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wxWindow is the base class for all windows and represents any visible object on screen.

All controls, top level windows and so on are windows. Sizers and device contexts are not, however, as they don't appear on screen themselves.

Please note that all children of the window will be deleted automatically by the destructor before the window itself is deleted which means that you don't have to worry about deleting them manually. Please see the window deletion overview for more information.

Also note that in this, and many others, wxWidgets classes some GetXXX() methods may be overloaded (as, for example, wxWindow::GetSize or wxWindow::GetClientSize). In this case, the overloads are non-virtual because having multiple virtual functions with the same name results in a virtual function name hiding at the derived class level (in English, this means that the derived class has to override all overloaded variants if it overrides any of them). To allow overriding them in the derived class, wxWidgets uses a unique protected virtual DoGetXXX() method and all GetXXX() ones are forwarded to it, so overriding the former changes the behaviour of the latter.

Checking Visibility

All controls in wxWidgets derive from wxWindow and hence inherit its IsShown() method which can be used to check for their visibility (see also IsShownOnScreen()).


wxWindow::GetChildren() returns wxWindowList&, not wxList&. I got a warning at compile time when doing:

wxList& mylist = pWindow->GetChildren();

The warning was: [Warning] `operator 5' is deprecated (declared at C:/Dev-Cpp/include/wx-2.6/wx/list.h:1112)

Replacing wxList& with wxWindowList& fixed it.


Eric Jensen writes on wx-users::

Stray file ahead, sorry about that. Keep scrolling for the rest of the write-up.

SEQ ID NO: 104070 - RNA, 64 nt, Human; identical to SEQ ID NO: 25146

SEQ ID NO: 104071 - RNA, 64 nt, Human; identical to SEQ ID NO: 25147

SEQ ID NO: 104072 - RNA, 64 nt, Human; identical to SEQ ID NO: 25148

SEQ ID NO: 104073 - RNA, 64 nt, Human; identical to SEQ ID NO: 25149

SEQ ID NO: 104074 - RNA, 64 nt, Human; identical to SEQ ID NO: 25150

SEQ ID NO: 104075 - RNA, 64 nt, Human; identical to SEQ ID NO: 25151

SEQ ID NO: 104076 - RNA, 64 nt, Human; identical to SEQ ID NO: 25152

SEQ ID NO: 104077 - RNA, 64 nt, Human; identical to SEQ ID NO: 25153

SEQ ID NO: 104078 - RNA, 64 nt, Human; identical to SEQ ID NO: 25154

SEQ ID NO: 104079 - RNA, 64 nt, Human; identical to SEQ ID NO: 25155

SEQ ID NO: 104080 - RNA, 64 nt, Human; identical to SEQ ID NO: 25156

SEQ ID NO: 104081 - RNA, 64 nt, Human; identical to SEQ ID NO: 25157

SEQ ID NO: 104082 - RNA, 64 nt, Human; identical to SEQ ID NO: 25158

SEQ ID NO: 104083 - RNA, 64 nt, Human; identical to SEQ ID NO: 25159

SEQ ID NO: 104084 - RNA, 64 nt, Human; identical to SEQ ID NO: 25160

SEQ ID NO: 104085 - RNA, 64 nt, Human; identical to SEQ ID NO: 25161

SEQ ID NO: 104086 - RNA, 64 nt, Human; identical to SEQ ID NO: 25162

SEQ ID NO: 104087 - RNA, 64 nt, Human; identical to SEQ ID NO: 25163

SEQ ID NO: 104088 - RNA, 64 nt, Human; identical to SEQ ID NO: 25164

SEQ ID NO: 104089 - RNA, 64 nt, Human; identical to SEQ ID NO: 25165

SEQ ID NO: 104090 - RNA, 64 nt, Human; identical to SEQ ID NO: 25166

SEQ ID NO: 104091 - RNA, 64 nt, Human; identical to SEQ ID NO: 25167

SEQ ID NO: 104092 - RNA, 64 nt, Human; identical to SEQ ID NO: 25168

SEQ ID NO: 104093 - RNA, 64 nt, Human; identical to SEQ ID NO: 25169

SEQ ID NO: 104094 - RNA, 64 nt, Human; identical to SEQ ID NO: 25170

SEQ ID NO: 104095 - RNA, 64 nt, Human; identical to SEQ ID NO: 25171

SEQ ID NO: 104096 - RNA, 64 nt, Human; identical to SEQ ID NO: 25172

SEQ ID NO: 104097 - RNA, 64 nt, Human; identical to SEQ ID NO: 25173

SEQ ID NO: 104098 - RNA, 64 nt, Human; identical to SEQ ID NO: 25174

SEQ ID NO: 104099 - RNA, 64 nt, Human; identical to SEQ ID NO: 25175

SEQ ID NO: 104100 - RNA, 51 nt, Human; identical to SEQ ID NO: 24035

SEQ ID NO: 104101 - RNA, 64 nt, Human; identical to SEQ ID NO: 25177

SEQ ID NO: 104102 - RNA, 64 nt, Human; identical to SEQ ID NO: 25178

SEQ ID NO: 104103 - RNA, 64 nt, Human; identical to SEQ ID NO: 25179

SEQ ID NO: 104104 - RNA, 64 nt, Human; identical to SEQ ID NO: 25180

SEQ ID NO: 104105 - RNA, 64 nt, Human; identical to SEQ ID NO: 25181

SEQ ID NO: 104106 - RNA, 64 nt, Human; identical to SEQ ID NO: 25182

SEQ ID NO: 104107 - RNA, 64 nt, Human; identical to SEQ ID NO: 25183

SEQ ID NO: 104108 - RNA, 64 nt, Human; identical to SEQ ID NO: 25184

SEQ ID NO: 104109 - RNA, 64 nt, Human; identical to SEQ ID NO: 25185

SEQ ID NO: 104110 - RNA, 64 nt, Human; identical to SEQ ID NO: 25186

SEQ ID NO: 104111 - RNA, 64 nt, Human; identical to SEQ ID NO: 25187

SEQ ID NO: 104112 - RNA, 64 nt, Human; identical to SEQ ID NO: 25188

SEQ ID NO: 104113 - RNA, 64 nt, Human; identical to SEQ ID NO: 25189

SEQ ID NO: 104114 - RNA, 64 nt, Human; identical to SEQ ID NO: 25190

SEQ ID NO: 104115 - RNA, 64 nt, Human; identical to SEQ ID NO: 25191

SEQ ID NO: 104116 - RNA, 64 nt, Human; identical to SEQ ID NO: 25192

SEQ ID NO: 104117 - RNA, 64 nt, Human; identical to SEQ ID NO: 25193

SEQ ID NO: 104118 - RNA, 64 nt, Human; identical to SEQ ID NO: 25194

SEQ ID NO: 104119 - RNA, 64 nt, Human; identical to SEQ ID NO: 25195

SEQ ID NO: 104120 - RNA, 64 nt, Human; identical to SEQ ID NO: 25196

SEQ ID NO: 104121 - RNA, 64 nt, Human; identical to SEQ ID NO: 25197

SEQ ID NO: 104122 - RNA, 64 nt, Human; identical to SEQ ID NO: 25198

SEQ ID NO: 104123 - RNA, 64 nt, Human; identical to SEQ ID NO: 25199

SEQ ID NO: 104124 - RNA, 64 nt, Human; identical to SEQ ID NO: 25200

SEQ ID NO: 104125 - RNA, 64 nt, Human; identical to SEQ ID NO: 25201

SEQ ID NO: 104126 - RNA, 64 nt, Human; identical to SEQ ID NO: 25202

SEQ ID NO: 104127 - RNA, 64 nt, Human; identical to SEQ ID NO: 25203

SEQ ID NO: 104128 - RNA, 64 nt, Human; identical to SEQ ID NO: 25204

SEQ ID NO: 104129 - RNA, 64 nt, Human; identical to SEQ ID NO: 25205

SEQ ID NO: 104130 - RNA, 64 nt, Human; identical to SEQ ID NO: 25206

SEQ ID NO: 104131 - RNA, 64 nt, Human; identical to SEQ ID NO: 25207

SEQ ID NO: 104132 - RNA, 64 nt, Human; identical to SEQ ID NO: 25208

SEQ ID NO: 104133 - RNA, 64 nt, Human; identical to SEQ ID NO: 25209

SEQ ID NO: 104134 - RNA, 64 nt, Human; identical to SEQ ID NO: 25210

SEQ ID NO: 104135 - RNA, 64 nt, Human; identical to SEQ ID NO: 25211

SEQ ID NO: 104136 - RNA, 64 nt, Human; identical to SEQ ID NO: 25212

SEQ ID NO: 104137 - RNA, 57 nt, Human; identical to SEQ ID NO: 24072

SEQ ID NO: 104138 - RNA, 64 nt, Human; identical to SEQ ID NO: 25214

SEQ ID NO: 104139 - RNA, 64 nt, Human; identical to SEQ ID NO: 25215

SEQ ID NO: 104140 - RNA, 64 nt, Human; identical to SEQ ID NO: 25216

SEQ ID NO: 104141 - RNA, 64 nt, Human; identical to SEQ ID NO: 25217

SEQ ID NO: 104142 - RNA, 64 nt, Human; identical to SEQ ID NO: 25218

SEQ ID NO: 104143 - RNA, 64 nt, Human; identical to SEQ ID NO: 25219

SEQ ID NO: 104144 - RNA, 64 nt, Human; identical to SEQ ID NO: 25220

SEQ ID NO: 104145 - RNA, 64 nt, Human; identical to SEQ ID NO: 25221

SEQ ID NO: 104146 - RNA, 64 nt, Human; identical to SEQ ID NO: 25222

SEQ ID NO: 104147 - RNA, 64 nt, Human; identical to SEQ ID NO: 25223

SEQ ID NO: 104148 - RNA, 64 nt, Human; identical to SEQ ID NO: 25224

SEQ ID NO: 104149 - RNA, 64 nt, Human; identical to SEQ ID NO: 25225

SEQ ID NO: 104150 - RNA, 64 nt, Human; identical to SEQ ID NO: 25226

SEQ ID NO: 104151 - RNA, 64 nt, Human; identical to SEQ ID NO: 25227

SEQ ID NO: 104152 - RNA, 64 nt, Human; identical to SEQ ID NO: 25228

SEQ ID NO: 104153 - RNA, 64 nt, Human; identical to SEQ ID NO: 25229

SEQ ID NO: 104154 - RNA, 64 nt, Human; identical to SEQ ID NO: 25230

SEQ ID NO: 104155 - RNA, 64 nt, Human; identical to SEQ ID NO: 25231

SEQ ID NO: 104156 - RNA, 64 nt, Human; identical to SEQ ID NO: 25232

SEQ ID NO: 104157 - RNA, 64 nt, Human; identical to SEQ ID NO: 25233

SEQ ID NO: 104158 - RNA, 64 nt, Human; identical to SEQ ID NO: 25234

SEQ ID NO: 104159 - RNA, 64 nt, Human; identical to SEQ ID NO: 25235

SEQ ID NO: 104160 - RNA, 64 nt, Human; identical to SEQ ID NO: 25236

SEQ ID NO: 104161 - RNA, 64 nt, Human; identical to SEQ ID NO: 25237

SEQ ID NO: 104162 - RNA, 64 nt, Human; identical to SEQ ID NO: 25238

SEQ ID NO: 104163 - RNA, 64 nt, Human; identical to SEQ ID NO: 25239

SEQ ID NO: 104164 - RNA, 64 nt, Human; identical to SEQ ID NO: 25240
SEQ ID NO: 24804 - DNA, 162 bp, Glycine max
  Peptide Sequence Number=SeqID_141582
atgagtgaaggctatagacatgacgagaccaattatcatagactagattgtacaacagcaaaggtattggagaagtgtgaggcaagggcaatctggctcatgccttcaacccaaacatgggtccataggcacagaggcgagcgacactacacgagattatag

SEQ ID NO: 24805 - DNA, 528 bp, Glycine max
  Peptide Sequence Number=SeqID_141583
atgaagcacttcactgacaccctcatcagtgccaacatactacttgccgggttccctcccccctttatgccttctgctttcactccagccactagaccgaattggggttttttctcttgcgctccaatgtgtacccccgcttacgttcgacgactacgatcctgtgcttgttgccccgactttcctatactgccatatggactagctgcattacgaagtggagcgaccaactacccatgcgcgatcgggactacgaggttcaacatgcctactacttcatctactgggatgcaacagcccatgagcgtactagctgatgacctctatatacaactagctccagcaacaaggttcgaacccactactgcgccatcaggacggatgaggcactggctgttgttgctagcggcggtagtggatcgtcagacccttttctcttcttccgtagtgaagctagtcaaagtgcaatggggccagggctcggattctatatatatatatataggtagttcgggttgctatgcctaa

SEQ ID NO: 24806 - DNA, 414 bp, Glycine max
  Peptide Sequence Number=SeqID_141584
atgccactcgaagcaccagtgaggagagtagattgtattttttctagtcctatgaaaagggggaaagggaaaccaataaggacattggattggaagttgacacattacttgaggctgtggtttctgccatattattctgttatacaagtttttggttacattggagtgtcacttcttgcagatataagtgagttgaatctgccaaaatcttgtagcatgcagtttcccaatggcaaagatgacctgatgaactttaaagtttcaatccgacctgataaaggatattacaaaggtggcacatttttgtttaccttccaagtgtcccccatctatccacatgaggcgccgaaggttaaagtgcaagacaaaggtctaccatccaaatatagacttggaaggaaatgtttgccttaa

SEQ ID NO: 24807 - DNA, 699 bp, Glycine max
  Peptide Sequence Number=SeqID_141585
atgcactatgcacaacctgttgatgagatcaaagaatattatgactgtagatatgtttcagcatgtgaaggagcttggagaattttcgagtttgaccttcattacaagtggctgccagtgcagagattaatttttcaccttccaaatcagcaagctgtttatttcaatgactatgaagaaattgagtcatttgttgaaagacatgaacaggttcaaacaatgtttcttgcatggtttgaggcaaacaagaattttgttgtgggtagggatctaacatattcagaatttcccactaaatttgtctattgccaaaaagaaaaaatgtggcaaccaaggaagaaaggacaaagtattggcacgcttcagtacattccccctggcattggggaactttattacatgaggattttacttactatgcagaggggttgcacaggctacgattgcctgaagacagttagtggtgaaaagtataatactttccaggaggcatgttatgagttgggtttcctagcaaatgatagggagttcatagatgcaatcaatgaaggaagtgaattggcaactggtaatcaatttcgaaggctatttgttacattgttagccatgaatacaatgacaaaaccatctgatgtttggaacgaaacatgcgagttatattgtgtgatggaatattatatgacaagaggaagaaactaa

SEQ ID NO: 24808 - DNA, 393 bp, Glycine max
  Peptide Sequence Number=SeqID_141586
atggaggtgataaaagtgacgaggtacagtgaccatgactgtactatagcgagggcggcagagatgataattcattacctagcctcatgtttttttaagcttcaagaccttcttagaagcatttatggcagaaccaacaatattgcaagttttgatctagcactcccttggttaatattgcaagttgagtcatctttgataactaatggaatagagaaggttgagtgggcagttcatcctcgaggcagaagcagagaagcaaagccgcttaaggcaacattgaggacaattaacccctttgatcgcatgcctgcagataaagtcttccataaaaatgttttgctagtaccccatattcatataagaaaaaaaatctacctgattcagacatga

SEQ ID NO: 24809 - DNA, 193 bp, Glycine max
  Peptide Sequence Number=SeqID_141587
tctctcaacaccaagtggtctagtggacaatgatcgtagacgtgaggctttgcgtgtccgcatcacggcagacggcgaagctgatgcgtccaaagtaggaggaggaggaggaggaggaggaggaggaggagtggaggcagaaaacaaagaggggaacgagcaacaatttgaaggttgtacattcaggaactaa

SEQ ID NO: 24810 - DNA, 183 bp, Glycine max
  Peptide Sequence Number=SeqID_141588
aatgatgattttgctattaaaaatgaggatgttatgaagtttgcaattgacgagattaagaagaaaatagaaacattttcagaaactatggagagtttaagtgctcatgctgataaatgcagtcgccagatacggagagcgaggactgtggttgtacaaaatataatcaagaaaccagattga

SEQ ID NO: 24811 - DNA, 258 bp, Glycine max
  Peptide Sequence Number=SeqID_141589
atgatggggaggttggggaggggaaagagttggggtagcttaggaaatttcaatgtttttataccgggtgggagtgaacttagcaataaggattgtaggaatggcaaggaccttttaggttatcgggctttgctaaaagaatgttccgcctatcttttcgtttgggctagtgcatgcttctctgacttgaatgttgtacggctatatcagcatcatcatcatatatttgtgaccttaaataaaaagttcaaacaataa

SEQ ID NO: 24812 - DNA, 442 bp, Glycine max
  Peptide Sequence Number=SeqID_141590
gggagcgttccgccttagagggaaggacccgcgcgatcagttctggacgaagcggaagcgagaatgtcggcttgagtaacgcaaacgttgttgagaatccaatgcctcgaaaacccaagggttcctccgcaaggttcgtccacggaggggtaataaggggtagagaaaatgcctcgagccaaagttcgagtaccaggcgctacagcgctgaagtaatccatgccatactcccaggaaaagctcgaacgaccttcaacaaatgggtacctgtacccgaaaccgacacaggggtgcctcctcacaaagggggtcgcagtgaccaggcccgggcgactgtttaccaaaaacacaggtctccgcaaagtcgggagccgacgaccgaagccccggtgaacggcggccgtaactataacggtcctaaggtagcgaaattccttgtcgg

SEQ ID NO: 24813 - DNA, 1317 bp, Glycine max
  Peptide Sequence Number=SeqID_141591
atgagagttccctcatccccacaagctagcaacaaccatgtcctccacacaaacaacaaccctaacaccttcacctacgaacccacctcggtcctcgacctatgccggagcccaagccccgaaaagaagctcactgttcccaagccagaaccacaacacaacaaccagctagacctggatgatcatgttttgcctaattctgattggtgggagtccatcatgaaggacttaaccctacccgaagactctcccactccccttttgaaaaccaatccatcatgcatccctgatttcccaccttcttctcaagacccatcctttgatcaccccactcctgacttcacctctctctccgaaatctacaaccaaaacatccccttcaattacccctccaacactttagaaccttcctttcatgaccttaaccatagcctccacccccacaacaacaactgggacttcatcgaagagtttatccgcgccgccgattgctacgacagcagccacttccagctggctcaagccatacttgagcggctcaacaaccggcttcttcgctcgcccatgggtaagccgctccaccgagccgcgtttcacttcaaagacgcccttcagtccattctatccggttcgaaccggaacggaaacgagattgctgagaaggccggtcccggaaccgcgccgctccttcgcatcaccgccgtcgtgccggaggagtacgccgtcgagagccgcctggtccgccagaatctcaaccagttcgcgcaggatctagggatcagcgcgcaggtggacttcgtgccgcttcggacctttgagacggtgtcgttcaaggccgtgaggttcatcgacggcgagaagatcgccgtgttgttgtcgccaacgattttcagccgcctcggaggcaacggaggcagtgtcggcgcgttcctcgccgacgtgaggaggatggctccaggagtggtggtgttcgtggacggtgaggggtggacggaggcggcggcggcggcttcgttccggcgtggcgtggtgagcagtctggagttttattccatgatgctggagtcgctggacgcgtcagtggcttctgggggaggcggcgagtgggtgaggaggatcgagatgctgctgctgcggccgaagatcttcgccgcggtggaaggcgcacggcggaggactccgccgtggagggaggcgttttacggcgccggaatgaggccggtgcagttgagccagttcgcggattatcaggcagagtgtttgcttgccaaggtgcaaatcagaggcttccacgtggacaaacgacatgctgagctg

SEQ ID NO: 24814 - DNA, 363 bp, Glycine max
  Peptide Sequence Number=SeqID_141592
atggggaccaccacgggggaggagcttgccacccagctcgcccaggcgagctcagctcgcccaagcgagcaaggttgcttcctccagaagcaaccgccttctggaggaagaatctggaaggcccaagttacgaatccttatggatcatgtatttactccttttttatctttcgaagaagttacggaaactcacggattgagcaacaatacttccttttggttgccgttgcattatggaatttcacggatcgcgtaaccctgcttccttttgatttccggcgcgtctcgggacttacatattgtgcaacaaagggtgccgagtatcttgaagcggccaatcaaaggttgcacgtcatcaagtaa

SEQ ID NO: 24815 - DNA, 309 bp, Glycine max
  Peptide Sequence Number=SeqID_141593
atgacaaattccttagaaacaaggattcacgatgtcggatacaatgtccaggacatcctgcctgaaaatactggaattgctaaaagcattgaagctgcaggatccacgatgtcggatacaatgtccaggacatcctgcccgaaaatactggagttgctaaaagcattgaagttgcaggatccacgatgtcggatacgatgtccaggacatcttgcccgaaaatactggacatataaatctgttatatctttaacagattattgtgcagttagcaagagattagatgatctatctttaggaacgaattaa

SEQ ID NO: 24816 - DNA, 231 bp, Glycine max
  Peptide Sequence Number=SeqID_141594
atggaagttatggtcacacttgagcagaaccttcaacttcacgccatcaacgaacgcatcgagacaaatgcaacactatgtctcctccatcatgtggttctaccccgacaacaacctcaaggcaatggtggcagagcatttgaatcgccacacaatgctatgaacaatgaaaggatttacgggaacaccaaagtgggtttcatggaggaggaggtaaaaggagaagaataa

i was playing around with wxWindow::RegisterHotKey() and noticed that        
the virtualKeyCode parameter that this function uses, expects the           
Window keycodes and not the wxWidgets keycodes (e.g VK_F9 rather             
than WXK_F9).                                                              
Although this was not difficult to find, it should be mentioned in the       
documetation. However, if this function ever gets implemented on other     
platforms, using the 'normalized' wxWidgets keycode might become             


Your wxWindow-derived class will not receive this event if you create the window by calling the wxWindow constructor (as in MyWin::MyWin(wxWindow*parent) : wxWindow(parent,...)) because your object is still a wxWindow when the window is created. Call Create(parent,...) from the body of your constructor instead.

Also, don't try to receive EVT_WINDOW_DESTROY events in your own window, as is well documented in the official docs. Override Destroy() instead.


If you handle this event, as well as EVT_RIGHT_DOWN or EVT_MIDDLE_DOWN, and do not call event.Skip() you will most likely want to call SetFocus(). Failure to do so will prevent the window from receiving keyboard and mouse wheel events.


Don't forget to call RemoveEventHandler() or PopEventHandler() before deleting the object passed to PushEventHandler()

wxWidgets will not automatically cleanup the event handlers when you are closing the application. It will cause a number of weird segfaults when closing your application.

See Also